Remember When: 1985

Compiled by Don McNeil, Shakopee Heritage Society

From the Shakopee Valley News

July 10, 1985 – Thom and Linda Gode are getting their 120-year-old house on the National Historic Register of Historic Places. A six-piece brass band ensemble will perform, the couple will wear 1860s costumes and more than 100 friends and relatives will celebrate the occasion. The tiny brick home on Second Avenue is one of five sites in Shakopee listed on the National Register. The others are: the Godes’ neighboring house owned by Mr. and Mrs. Steven Poppler; the farm within the city limits near the Minnesota Valley Mall; the Bjornberg home; and the Rice building, most recently called Cactus Jack’s at the corner of Holmes Street and First Avenue.

Sept. 18, 1985 – “Prison escapes may result in barriers at new facility.” Two escapes in less than one month have led state corrections officials to reconsider their plan to open the new women’s prison in Shakopee without barriers of any kind. The prison has no fence, wall or barrier of any kind. “We could give women a lot more freedom on the grounds if we could contain them on the grounds.”

Sept. 4, 1985 – “‘Ask Me’ Winners.” This week’s winner in the “Ask Me About Shakopee” contest is Jim & Lucy’s. Sponsored by the Shakopee Jaycees and the Shakopee Chamber of Commerce, the contest is intended to recognize businesses and employees who are particularly helpful to tourists and others needing information about the Shakopee area.

June 14, 1985 – “Water Slide Opening.” The water slide at the city pool at Lions Park is scheduled to open June 22. The last pieces of the fiberglass slide are being installed.

Dec. 14, 1985 – New Shakopee Chamber of Commerce officers and board include: President Lee Hennen; Vice President Linnea Stromberg-Wise; board members Lucy Rein, Diane Johnson and Bill Wermerskirchen.

April 3, 1985 – Opening day at Canterbury Downs – commemorative pictorial postmark cancellation stamp will honor the occasion.

May 4, 1985 – In its Downtown Redevelopment Plan, the city is considering locating walkways over the proposed mini-by-pass north of First Avenue along the river.

July 3, 1985 – “Where should the City of Shakopee build a city hall?” After contemplating the question for almost a year, city officials brought the issue, in the form of a survey to the public this week. The Shakopee City Hall Site Committee has so far narrowed a field of 24 locations down to eight.

April 7, 1985 – Pow Wow at Murphy’s Landing – jointly sponsored by the Mdewakanton Sioux of Little Crow’s band and Murphy’s Landing.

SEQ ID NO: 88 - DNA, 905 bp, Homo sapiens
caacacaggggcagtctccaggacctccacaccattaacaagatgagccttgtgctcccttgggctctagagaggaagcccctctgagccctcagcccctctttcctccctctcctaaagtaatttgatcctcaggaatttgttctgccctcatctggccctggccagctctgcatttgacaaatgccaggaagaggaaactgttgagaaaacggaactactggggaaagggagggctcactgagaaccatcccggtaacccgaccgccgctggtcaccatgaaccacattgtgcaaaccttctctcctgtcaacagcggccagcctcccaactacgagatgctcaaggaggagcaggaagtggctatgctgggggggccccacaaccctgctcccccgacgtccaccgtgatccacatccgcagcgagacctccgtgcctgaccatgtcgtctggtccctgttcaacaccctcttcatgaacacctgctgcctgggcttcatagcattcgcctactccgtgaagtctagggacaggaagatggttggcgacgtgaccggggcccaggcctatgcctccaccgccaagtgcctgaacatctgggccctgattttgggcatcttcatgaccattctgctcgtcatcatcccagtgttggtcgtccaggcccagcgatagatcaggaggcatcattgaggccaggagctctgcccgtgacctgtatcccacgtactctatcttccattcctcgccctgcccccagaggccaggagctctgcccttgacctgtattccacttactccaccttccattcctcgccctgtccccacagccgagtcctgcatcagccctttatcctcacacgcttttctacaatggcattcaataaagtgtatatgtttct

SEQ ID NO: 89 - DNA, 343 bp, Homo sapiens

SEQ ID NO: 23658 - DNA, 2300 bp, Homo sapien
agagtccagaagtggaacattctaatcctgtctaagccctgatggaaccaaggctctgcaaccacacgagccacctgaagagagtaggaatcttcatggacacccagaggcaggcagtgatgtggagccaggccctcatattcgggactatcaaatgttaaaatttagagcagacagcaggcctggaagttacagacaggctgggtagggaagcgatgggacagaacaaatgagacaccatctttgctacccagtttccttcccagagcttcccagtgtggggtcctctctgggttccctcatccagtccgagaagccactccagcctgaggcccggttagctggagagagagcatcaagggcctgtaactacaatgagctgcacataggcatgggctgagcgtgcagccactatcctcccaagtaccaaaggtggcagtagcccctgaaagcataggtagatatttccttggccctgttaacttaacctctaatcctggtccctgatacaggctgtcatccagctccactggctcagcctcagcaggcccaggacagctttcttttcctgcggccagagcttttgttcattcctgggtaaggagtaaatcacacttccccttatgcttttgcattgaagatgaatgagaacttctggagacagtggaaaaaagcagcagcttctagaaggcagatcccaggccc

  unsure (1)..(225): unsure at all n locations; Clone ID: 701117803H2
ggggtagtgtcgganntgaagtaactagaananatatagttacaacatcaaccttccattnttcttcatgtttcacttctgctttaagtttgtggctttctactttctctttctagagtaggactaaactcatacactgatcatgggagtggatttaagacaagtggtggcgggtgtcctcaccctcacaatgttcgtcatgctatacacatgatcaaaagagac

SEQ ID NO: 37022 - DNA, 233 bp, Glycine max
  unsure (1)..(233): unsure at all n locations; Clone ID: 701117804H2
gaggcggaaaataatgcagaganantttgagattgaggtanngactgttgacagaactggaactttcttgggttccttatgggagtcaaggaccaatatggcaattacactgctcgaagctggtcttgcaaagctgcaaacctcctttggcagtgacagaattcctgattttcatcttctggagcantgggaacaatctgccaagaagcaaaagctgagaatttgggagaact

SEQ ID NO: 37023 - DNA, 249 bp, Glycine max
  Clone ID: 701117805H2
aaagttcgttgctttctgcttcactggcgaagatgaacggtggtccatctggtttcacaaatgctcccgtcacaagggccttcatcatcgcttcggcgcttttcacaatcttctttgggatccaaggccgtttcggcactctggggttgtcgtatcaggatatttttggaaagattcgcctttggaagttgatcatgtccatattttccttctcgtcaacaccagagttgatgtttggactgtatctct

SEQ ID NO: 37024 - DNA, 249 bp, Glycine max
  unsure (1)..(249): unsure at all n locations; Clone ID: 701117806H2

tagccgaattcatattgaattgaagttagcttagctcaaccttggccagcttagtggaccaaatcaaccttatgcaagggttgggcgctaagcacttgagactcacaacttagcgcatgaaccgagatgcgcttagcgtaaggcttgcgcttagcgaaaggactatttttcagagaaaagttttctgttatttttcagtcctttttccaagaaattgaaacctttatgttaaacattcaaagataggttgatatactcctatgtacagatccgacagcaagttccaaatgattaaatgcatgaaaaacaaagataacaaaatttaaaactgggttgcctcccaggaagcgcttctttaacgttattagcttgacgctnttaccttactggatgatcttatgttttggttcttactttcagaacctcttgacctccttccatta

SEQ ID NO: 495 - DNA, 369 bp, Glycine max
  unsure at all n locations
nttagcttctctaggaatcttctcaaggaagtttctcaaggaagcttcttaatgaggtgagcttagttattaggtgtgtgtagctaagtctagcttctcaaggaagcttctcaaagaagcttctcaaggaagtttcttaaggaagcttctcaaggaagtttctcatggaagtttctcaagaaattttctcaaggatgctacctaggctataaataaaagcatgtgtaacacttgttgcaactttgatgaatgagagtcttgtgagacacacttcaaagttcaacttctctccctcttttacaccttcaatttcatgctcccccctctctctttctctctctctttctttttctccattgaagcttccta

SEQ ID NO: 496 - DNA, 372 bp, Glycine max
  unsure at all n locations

June 23, 1985 – Closing of Pelham Hotel – formerly the Merchant Hotel – was on the National Register of Historic Places.

May 29, 1985 – Every service station in the city dropped its price for regular gasoline to $.99/gal. Gasoline hasn’t been that cheap for 7 years, and may drop lower because OPEC recently reduced crude oil prices to $1/barrel.

April 12, 1985 – Postal rates go up – 1st class stamp $.22.

June 4, 1985 – Bert & Bonnie Notermann, owners of Lions Tap, are in the final phase of expanding and remodeling project. Originally opened as Peterson Bros. Roadside Market in 1933, Sears and Irene Lyons introduced the now famous hamburger in 1958.

June 4, 1985 – Shakopee will be getting quite a bit of attention next week when Canterbury Downs opens. History will be made and recorded in many ways, including a first for the Shakopee Post Office – a commemorative pictorial postmark cancellation. Postmaster Cormac A. Suel has announced that the design and authorization for the special pictorial cancellation stamp was given by the U.S. Postal Service in Washington, D.C.

Oct. 25, 1985 – “Pelham Hotel, which was home for many, now closed.” One factor that may have contributed in the recent increase in homelessness in Scott County is the closing of the Pelham Hotel, formerly the Merchant Hotel.

Nov. 15, 1985 – Shakopee Area Chamber of Commerce celebrating 30 years of advancing the economic, industrial, professional, educational, civic and general interests of the Shakopee area.

Jan. 23, 1985 – “Bed and Breakfast: Local women propose unique facility to serve tourists.” The city is looking at a proposal by three local women to transform the large turn-of-the-century house at the corner of Fourth and Lewis into a “bed and breakfast” home or inn. “We want to preserve a piece of local history for the people of Shakopee,” explained Marcia Spagnolo, who, with partners Julie McNearney and Joan Lynch, has proposed the plan.

Jan. 30, 1985 – $180 million. It’s only a “guesstimate,” but Shakopee Area Chamber of Commerce Linnea Stromberg-Wise told members. She came up with the $180 million figure by using a 2.5 million people visited the four operating attractions – Little Six Bingo Parlor, Valleyfair, Murphy’s Landing and Renaissance Festival – last year. Canterbury Downs is estimated to draw an additional 1 million people.